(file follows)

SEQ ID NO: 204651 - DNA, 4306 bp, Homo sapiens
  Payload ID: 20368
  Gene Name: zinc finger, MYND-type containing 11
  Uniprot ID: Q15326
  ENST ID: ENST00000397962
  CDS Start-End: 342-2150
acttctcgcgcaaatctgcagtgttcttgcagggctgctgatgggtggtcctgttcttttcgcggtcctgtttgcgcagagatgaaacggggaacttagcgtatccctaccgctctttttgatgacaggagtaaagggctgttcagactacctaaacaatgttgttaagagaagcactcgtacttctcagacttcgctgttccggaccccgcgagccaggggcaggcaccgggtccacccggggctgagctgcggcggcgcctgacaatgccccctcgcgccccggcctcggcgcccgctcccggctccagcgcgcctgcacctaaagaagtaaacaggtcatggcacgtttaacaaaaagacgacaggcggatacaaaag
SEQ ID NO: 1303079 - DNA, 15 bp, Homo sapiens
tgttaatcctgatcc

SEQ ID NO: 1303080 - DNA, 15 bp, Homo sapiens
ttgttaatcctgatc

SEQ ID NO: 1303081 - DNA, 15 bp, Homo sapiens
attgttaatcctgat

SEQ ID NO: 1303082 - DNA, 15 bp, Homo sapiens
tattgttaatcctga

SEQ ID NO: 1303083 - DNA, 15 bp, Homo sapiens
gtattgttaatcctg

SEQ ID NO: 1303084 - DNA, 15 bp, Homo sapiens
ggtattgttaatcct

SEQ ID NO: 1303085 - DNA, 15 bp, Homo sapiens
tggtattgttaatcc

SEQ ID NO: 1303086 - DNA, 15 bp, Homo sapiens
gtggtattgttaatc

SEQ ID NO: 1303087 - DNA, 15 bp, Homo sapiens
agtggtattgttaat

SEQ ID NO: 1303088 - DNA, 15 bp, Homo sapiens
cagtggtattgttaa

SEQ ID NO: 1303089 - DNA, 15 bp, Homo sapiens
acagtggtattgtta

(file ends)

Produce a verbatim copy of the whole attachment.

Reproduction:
SEQ ID NO: 204651 - DNA, 4306 bp, Homo sapiens
  Payload ID: 20368
  Gene Name: zinc finger, MYND-type containing 11
  Uniprot ID: Q15326
  ENST ID: ENST00000397962
  CDS Start-End: 342-2150
acttctcgcgcaaatctgcagtgttcttgcagggctgctgatgggtggtcctgttcttttcgcggtcctgtttgcgcagagatgaaacggggaacttagcgtatccctaccgctctttttgatgacaggagtaaagggctgttcagactacctaaacaatgttgttaagagaagcactcgtacttctcagacttcgctgttccggaccccgcgagccaggggcaggcaccgggtccacccggggctgagctgcggcggcgcctgacaatgccccctcgcgccccggcctcggcgcccgctcccggctccagcgcgcctgcacctaaagaagtaaacaggtcatggcacgtttaacaaaaagacgacaggcggatacaaaag
SEQ ID NO: 1303079 - DNA, 15 bp, Homo sapiens
tgttaatcctgatcc

SEQ ID NO: 1303080 - DNA, 15 bp, Homo sapiens
ttgttaatcctgatc

SEQ ID NO: 1303081 - DNA, 15 bp, Homo sapiens
attgttaatcctgat

SEQ ID NO: 1303082 - DNA, 15 bp, Homo sapiens
tattgttaatcctga

SEQ ID NO: 1303083 - DNA, 15 bp, Homo sapiens
gtattgttaatcctg

SEQ ID NO: 1303084 - DNA, 15 bp, Homo sapiens
ggtattgttaatcct

SEQ ID NO: 1303085 - DNA, 15 bp, Homo sapiens
tggtattgttaatcc

SEQ ID NO: 1303086 - DNA, 15 bp, Homo sapiens
gtggtattgttaatc

SEQ ID NO: 1303087 - DNA, 15 bp, Homo sapiens
agtggtattgttaat

SEQ ID NO: 1303088 - DNA, 15 bp, Homo sapiens
cagtggtattgttaa

SEQ ID NO: 1303089 - DNA, 15 bp, Homo sapiens
acagtggtattgtta